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FTC whacks Intel with anticompetition complaint

Claims Intel coerced vendors, rigged compilers

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Updated The US Federal Trade Commission ruined Intel's Christmas by hitting the firm with wide ranging charges of anticompetitive business practices.

The Feds also charge that Intel rigged its compilers to put AMD at a disadvantage and that it is trying to smother its rivals in the graphics chip business.

Intel has rejected the charges as "misguided", "last minute" and not based on investigation by the FTC.

In its statement announcing its complaint, the FTC claims Intel "has illegally used its dominant market position for a decade to stifle competition and strengthen its monopoly."

Intel is accused of locking AMD out of key vendors by using "threats and rewards... to coerce them not to buy rival computer CPU chips."

It adds, "Intel also used this practice, known as exclusive or restrictive dealing, to prevent computer makers from marketing any machines with non-Intel computer chips."

These charges have already been played out in the EU's long-running investigation into Intel, which saw the chip firm stuck with a $1bn fine.

But the FTC stirs things up by alleging that "Intel secretly redesigned key software, known as a compiler, in a way that deliberately stunted the performance of competitors’ CPU chips"

"Intel told its customers and the public that software performed better on Intel CPUs than on competitors’ CPUs," the FTC continues, "but the company deceived them by failing to disclose that these differences were due largely or entirely to Intel’s compiler design."

And to bring its case right up to date, the Feds charge that after using the above practices to lock AMD out of the market until it could catch up, Intel now finds itself falling behind in the graphics market.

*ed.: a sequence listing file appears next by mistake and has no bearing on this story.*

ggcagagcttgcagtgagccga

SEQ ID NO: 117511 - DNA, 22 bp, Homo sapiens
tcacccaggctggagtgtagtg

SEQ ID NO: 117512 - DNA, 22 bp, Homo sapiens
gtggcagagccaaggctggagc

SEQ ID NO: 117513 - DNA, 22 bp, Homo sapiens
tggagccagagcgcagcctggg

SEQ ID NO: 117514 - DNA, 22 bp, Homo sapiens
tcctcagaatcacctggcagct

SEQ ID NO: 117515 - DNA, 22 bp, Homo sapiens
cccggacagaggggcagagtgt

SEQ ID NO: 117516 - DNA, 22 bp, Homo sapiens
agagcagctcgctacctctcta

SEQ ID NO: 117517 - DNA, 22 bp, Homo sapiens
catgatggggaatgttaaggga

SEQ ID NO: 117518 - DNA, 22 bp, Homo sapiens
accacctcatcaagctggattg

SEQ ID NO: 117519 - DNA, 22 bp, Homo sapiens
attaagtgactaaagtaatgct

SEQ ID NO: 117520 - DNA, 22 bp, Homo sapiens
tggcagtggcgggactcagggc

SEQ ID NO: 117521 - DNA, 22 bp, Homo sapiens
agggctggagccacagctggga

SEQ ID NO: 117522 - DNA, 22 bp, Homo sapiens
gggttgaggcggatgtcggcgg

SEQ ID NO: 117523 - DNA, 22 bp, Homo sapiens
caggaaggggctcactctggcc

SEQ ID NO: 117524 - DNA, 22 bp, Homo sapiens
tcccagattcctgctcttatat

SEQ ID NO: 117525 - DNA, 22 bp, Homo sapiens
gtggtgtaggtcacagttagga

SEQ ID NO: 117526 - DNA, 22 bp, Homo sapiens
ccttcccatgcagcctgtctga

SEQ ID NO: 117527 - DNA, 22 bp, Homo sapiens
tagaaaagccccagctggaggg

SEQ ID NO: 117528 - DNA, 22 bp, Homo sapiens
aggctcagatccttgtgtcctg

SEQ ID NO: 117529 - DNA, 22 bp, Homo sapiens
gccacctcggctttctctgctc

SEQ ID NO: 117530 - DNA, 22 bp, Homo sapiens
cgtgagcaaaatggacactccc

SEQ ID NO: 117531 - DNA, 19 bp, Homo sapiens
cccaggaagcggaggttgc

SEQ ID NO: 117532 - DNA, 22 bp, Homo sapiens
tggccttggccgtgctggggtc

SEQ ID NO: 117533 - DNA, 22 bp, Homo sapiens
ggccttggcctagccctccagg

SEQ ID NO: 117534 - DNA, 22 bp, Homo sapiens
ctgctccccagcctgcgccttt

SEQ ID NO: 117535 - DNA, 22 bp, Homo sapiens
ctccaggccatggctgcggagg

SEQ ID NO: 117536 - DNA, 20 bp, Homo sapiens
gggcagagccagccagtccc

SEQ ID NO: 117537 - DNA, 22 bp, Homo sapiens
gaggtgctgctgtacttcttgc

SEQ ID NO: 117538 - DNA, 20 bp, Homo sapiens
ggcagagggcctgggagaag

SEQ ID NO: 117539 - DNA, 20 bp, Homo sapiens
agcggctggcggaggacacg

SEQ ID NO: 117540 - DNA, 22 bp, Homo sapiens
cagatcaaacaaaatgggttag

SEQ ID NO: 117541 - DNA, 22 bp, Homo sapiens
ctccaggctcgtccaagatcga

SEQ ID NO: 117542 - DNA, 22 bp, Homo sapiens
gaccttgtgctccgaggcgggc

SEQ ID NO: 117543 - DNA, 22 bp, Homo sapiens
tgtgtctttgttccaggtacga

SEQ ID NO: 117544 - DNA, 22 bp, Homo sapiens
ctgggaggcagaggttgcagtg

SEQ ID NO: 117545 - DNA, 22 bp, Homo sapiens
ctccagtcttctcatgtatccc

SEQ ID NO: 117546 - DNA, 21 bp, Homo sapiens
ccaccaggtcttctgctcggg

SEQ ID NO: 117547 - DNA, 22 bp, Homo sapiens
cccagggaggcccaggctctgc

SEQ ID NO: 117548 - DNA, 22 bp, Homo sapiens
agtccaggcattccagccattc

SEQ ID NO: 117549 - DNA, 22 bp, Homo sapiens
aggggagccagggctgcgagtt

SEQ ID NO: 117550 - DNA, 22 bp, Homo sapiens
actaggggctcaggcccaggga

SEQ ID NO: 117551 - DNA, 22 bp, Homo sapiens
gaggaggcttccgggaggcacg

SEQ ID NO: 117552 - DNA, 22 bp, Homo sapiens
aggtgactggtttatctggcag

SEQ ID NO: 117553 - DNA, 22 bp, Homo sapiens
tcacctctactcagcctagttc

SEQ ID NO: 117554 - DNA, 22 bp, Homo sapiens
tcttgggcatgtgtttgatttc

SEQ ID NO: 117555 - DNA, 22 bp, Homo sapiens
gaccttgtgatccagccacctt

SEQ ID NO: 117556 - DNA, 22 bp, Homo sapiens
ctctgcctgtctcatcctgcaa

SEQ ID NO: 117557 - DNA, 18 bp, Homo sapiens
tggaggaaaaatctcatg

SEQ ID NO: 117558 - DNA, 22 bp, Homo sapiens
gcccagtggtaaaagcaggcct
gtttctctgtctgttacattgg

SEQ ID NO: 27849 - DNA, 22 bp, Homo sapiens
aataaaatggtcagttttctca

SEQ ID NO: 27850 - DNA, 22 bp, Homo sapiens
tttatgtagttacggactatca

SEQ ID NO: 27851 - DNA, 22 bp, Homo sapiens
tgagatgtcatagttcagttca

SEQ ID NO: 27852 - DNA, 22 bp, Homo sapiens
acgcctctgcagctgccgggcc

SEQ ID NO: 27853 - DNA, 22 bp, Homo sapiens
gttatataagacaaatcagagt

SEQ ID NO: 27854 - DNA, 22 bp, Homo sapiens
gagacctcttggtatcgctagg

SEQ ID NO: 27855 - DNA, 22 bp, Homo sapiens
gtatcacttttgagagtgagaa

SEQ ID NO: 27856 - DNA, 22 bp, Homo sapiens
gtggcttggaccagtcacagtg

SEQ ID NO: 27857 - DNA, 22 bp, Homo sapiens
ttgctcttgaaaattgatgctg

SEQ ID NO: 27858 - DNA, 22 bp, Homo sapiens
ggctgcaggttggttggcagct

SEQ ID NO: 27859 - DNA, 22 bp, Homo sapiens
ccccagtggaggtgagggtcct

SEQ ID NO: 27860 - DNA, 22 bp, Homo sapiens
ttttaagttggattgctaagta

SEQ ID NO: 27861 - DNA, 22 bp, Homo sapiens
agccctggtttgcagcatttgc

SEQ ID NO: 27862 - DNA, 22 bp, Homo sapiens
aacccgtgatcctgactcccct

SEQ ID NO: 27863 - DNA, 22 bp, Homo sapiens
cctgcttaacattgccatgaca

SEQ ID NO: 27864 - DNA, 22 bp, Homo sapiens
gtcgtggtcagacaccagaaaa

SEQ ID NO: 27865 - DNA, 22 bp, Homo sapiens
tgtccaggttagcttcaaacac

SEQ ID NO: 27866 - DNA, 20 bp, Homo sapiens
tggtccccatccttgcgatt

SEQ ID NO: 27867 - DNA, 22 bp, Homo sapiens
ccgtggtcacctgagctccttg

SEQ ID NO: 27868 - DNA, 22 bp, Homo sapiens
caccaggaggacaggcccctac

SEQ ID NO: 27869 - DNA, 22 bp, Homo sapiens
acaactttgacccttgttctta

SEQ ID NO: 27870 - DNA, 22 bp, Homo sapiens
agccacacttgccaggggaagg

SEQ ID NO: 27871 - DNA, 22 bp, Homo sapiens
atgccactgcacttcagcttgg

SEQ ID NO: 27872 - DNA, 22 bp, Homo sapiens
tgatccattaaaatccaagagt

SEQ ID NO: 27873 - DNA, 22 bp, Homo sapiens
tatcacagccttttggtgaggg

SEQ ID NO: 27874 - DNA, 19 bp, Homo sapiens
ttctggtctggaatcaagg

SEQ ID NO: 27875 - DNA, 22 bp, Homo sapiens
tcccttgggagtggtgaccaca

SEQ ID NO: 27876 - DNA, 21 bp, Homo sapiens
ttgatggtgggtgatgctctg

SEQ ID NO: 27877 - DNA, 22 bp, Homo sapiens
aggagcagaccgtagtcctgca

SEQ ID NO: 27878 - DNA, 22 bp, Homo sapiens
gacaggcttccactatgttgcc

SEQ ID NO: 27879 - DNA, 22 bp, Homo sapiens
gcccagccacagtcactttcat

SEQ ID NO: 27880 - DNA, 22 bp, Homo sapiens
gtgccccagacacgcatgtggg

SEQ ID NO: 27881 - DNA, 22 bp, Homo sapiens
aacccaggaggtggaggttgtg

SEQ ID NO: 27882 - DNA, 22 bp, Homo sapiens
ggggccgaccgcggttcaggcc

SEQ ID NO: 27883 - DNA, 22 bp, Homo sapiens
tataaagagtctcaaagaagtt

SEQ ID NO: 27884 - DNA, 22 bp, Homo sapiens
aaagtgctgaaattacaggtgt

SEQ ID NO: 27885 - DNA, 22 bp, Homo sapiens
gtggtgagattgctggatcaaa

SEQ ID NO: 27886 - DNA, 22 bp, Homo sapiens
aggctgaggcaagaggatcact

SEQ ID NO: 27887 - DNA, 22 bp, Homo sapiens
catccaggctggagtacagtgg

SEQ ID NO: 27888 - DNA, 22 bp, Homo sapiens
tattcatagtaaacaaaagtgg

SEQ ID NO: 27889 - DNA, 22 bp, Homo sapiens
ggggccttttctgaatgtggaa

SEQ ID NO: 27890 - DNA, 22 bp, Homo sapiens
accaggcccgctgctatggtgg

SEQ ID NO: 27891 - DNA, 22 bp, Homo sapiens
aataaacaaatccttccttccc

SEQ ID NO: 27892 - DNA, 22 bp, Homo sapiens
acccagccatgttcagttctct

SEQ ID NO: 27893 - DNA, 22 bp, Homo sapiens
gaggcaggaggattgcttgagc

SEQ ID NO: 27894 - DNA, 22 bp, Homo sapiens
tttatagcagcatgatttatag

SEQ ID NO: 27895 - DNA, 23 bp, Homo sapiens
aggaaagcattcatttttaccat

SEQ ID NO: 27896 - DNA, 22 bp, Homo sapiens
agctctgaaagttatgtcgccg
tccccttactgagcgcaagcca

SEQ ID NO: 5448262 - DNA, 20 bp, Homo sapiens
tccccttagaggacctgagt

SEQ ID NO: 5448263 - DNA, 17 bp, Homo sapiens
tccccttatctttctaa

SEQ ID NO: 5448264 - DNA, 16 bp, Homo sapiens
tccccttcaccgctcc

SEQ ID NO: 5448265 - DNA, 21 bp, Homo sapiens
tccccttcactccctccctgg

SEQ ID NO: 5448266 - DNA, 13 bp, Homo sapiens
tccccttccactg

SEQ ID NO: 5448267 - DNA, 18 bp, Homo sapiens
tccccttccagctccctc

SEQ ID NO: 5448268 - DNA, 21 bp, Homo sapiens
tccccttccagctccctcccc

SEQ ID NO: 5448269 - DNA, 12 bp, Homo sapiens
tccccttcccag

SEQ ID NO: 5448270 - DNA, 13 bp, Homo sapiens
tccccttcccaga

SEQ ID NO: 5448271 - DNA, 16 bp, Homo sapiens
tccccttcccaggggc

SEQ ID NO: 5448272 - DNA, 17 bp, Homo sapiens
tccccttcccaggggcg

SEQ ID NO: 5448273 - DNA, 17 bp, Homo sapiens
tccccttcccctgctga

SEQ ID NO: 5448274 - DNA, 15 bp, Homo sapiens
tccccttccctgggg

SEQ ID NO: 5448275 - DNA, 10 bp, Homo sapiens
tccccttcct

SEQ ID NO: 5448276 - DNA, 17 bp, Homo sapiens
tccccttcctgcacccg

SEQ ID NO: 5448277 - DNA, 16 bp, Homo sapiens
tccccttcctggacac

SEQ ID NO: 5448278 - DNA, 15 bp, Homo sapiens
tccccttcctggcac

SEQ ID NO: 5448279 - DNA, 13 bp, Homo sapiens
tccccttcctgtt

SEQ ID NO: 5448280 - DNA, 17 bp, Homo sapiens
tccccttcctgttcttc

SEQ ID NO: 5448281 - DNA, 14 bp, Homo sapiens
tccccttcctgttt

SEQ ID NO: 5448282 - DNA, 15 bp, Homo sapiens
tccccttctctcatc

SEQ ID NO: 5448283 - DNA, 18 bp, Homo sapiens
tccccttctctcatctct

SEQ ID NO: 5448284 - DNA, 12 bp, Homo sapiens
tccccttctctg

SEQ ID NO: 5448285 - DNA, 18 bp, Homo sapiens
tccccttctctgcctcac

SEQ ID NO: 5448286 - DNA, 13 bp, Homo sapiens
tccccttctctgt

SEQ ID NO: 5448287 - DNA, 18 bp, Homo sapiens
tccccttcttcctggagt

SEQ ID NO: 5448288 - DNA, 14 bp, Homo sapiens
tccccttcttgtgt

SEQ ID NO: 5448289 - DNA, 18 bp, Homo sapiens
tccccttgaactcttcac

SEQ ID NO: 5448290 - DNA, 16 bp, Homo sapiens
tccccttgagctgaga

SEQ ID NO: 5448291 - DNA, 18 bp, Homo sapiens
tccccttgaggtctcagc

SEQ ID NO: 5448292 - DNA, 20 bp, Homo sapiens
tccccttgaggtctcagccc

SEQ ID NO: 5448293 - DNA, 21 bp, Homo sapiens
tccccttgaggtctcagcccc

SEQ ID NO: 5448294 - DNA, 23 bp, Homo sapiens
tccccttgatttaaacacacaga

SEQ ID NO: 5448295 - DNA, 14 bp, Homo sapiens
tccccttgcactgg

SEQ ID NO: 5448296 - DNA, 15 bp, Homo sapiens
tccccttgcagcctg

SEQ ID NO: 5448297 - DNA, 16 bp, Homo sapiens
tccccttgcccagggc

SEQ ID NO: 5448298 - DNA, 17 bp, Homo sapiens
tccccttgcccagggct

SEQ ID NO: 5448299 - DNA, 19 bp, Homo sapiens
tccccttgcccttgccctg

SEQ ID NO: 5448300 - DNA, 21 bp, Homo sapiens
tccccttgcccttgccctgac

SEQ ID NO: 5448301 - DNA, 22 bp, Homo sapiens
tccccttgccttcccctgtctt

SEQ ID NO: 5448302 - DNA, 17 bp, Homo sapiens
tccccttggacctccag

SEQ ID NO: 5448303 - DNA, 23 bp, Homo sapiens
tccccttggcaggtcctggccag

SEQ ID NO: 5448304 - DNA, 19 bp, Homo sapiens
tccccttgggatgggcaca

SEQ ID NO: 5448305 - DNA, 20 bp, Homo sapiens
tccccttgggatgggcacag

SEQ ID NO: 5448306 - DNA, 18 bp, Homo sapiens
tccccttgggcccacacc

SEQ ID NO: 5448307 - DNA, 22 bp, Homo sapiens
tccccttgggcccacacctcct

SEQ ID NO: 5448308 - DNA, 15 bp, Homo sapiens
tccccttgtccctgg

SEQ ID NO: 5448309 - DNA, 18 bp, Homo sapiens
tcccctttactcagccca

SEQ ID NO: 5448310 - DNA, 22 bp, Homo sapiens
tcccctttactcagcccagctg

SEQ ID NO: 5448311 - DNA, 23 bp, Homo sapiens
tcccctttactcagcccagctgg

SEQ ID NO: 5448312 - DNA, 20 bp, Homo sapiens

"These products have lessened the need for CPUs, and therefore pose a threat to Intel’s monopoly power," the Feds say.

"Intel has responded to this competitive challenge by embarking on a similar anticompetitive strategy, which aims to preserve its CPU monopoly by smothering potential competition from GPU chips such as those made by Nvidia," the FTC complaint charges.

The FTC's charges come hard on the heels of New York Attorney General Andrew Cuomo's November law suit accusing Intel of "an illegal campaign to deprive AMD of distribution channels."

Intel described the FTC's case as "misguided" and "based largely on claims that the FTC added at the last minute and has not investigated."

The chip makers said the complaint was "explicitly not based on existing law but is instead intended to make new rules for regulating business conduct."

According to Intel, "These new rules would harm consumers by reducing innovation and raising prices."

Intel and the FTC had been in settlement talks, the firm added, but these "stalled when the FTC insisted on unprecedented remedies - including the restrictions on lawful price competition and enforcement of intellectual property rights set forth in the complaint - that would make it impossible for Intel to conduct business."

At least Intel will only be fighting on one front this time. It struck a settlement with AMD to bring the EU's rather similar probe into its business practices to an end last month. However, it remains to be seen whether the FTC's compiler and GPU charges spark new probes on the other side of Atlantic. ®

This story was updated after its original posting to include information from Intel's comments on the FTC's allegations

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